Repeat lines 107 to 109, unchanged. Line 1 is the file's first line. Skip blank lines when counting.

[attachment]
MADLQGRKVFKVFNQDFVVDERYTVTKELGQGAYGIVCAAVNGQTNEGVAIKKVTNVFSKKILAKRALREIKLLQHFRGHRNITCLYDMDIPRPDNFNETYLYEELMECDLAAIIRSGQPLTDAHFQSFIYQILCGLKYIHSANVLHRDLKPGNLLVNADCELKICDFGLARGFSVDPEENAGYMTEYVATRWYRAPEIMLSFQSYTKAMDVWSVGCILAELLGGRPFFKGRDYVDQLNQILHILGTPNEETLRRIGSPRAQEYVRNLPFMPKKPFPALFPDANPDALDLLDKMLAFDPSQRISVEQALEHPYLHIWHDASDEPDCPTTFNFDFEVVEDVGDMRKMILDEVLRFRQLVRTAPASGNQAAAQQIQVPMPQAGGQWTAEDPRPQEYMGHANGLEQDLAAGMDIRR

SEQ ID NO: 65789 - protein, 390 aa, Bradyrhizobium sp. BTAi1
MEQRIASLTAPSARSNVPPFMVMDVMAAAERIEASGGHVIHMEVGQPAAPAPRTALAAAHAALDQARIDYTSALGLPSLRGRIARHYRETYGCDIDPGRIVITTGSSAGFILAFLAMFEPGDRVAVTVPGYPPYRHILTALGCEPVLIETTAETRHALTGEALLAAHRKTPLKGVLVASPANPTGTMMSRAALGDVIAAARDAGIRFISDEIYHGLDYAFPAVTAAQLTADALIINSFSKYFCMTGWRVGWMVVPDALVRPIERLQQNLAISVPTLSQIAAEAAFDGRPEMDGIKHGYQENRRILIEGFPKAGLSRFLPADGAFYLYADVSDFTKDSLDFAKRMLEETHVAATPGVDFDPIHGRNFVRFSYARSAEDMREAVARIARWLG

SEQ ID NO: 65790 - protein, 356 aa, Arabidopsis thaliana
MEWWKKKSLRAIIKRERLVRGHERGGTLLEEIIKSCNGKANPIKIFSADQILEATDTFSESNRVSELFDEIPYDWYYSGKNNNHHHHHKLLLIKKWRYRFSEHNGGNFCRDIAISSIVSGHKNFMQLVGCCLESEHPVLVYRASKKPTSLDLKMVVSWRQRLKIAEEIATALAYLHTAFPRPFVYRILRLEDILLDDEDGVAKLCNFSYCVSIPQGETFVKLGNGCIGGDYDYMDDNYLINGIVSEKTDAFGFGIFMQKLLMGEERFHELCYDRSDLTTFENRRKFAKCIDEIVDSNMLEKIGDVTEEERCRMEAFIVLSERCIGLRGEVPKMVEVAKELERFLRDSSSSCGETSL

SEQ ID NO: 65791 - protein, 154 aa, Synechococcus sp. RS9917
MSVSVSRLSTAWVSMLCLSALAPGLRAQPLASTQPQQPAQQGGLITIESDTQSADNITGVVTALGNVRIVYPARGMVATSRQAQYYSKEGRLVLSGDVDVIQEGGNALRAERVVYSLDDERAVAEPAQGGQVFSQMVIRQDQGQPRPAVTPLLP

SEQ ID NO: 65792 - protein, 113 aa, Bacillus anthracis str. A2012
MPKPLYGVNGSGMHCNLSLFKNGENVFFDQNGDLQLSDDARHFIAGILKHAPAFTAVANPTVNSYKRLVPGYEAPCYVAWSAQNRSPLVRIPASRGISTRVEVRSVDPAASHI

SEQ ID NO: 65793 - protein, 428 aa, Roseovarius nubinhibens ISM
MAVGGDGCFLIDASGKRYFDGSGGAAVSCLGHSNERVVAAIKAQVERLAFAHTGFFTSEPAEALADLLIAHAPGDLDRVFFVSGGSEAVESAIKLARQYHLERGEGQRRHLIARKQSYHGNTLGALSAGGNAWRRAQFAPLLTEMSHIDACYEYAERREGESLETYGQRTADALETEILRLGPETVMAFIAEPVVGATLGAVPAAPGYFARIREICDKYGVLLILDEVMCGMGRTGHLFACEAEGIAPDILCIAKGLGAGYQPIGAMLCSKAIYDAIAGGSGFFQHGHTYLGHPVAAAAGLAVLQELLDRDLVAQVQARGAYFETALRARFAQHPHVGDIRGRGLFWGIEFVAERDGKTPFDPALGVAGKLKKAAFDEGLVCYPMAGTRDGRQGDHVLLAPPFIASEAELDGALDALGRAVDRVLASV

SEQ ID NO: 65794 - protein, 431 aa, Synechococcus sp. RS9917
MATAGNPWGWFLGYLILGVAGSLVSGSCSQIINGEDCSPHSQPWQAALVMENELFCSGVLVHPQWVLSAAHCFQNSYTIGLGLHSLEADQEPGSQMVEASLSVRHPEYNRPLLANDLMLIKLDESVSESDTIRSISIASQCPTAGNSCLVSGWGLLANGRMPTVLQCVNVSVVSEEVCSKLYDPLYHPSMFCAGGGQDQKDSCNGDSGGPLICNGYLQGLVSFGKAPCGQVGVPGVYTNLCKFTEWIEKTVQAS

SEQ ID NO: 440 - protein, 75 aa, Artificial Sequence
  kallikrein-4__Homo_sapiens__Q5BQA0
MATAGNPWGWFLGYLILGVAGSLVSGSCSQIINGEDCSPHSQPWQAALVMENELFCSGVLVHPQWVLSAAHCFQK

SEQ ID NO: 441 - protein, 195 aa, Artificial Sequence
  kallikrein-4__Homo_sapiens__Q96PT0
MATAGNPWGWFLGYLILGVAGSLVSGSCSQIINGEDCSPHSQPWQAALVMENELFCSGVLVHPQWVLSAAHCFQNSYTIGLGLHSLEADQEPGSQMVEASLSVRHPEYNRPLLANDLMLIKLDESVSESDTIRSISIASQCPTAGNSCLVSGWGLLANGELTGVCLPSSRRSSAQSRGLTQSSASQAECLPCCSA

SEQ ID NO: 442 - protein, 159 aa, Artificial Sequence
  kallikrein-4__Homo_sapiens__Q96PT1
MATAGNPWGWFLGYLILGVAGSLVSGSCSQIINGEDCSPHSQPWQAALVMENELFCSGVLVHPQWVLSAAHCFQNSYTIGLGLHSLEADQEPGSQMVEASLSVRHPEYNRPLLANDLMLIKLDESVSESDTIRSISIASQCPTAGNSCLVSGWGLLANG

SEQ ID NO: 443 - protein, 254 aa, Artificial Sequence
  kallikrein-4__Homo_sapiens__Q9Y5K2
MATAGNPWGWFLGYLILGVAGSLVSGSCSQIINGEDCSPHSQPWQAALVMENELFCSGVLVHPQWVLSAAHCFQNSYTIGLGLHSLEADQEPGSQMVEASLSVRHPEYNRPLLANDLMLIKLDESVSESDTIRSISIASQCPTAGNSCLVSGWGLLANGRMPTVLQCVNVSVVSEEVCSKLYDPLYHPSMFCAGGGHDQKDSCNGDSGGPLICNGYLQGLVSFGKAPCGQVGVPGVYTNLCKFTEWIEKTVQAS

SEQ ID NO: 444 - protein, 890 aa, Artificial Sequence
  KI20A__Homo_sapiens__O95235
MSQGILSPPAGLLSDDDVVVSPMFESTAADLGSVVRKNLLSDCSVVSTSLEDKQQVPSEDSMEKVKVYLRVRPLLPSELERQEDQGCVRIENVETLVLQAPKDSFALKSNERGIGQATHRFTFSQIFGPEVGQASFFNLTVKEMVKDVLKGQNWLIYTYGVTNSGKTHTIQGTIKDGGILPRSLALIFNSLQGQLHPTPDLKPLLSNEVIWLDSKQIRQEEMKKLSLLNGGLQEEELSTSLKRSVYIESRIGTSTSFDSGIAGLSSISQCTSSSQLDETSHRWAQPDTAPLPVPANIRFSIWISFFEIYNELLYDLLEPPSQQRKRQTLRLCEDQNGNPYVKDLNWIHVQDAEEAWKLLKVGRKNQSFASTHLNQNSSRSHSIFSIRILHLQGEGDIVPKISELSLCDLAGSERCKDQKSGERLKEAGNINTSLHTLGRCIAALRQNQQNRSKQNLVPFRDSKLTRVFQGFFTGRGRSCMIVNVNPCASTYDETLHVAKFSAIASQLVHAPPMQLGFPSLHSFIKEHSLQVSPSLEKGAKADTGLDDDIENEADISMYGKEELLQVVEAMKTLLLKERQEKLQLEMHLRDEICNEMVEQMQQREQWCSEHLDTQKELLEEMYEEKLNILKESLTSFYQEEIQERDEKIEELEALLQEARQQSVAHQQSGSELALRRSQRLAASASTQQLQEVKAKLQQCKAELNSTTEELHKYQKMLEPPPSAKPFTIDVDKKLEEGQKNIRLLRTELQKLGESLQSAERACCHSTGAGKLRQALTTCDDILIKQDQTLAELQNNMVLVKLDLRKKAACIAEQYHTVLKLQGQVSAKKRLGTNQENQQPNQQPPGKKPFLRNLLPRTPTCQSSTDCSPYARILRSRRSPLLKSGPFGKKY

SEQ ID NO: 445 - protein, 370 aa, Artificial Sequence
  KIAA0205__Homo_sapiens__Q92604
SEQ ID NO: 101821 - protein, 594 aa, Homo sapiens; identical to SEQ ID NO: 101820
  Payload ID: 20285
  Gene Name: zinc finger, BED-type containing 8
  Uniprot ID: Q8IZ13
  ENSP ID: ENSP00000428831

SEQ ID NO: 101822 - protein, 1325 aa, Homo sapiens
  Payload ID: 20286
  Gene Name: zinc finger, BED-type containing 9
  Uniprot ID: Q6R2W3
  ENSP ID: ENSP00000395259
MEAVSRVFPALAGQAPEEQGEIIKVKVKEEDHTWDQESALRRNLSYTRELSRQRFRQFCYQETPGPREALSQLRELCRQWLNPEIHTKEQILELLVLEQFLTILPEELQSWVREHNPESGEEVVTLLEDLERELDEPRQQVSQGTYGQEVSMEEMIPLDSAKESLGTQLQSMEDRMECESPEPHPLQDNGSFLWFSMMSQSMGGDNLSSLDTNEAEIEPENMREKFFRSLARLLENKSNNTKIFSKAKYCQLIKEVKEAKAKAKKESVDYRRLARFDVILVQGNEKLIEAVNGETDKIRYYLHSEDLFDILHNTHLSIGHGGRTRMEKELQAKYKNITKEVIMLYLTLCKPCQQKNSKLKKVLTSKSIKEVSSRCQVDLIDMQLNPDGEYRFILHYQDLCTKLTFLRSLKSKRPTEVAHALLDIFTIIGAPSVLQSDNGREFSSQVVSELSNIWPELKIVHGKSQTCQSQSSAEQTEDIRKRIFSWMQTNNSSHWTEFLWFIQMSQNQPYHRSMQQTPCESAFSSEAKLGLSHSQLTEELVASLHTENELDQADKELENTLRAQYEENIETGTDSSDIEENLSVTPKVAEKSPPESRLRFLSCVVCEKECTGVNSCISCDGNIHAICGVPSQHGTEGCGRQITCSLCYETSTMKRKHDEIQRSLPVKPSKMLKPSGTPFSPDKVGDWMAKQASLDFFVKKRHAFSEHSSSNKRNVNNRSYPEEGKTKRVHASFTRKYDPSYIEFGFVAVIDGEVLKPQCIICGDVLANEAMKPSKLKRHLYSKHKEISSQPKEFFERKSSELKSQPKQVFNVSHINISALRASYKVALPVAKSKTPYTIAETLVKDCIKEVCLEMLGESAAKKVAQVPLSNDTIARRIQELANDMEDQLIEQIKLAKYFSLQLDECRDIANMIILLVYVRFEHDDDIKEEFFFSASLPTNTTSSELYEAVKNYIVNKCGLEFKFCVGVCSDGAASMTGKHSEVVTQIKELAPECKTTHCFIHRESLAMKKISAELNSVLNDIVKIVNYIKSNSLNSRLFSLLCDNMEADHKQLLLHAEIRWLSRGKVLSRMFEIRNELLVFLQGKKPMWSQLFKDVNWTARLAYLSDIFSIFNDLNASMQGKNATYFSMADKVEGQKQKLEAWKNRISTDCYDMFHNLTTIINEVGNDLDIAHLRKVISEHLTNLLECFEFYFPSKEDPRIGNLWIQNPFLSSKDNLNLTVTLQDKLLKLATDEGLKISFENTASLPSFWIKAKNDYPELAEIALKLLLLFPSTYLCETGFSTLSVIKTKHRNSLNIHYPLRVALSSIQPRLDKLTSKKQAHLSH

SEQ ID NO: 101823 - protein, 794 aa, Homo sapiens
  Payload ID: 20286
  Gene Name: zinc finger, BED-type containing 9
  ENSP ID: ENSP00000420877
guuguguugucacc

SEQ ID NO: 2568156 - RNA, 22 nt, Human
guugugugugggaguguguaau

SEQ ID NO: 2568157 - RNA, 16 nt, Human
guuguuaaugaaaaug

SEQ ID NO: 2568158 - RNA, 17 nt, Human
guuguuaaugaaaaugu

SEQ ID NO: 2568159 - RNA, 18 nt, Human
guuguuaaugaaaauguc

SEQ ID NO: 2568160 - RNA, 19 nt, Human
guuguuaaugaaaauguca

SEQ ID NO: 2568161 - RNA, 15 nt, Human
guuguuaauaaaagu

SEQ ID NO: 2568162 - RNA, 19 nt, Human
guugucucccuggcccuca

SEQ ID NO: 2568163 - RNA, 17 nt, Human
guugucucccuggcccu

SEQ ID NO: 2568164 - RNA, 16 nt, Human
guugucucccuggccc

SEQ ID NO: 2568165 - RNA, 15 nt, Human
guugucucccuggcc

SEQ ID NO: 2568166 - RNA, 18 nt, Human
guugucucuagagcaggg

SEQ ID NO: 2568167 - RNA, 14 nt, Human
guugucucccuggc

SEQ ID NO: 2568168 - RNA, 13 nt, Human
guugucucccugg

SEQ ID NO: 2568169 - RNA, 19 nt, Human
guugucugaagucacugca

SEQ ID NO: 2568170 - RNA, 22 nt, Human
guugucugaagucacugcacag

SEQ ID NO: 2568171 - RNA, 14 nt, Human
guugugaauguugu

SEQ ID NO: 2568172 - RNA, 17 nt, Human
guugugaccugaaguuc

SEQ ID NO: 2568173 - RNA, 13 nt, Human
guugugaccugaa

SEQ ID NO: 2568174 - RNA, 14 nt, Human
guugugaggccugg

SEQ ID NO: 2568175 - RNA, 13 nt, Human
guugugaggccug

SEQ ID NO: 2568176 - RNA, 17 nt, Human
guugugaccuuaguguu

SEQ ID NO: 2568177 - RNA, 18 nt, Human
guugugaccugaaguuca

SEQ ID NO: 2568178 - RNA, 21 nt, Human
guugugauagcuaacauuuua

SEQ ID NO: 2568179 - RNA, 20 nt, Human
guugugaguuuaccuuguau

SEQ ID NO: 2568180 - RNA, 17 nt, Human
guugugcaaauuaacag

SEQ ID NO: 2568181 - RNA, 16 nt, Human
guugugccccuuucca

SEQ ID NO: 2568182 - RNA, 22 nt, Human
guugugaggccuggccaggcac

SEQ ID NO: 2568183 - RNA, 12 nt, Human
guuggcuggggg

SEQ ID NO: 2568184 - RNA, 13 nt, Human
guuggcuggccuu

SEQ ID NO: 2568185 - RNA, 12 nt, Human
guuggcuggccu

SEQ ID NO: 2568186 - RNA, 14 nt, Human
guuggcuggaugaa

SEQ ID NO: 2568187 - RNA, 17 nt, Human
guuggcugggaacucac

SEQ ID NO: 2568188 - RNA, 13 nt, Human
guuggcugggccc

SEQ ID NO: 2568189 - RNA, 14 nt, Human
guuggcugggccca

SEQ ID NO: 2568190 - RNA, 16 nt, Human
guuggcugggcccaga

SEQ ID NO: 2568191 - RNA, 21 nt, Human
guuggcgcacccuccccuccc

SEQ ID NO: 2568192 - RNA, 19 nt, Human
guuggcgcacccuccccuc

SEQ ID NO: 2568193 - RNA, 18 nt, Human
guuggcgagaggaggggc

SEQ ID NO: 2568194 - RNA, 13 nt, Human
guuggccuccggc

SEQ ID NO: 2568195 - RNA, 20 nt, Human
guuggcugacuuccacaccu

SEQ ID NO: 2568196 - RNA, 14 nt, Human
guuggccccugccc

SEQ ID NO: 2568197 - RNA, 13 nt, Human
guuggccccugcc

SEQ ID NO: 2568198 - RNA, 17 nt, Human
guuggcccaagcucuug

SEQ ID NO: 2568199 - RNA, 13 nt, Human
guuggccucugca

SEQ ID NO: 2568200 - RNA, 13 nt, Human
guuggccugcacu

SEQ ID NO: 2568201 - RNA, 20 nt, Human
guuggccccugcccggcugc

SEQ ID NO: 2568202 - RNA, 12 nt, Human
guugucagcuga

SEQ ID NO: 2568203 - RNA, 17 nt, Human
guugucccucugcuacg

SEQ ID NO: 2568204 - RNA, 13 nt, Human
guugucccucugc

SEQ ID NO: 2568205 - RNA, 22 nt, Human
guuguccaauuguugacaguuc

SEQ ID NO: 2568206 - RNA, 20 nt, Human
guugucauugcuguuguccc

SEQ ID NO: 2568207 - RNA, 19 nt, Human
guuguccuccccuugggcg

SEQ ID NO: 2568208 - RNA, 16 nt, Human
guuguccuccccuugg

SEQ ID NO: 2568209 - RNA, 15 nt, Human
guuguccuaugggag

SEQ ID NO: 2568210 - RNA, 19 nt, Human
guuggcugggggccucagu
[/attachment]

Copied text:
SEQ ID NO: 2568186 - RNA, 14 nt, Human
guuggcuggaugaa

SEQ ID NO: 2568187 - RNA, 17 nt, Human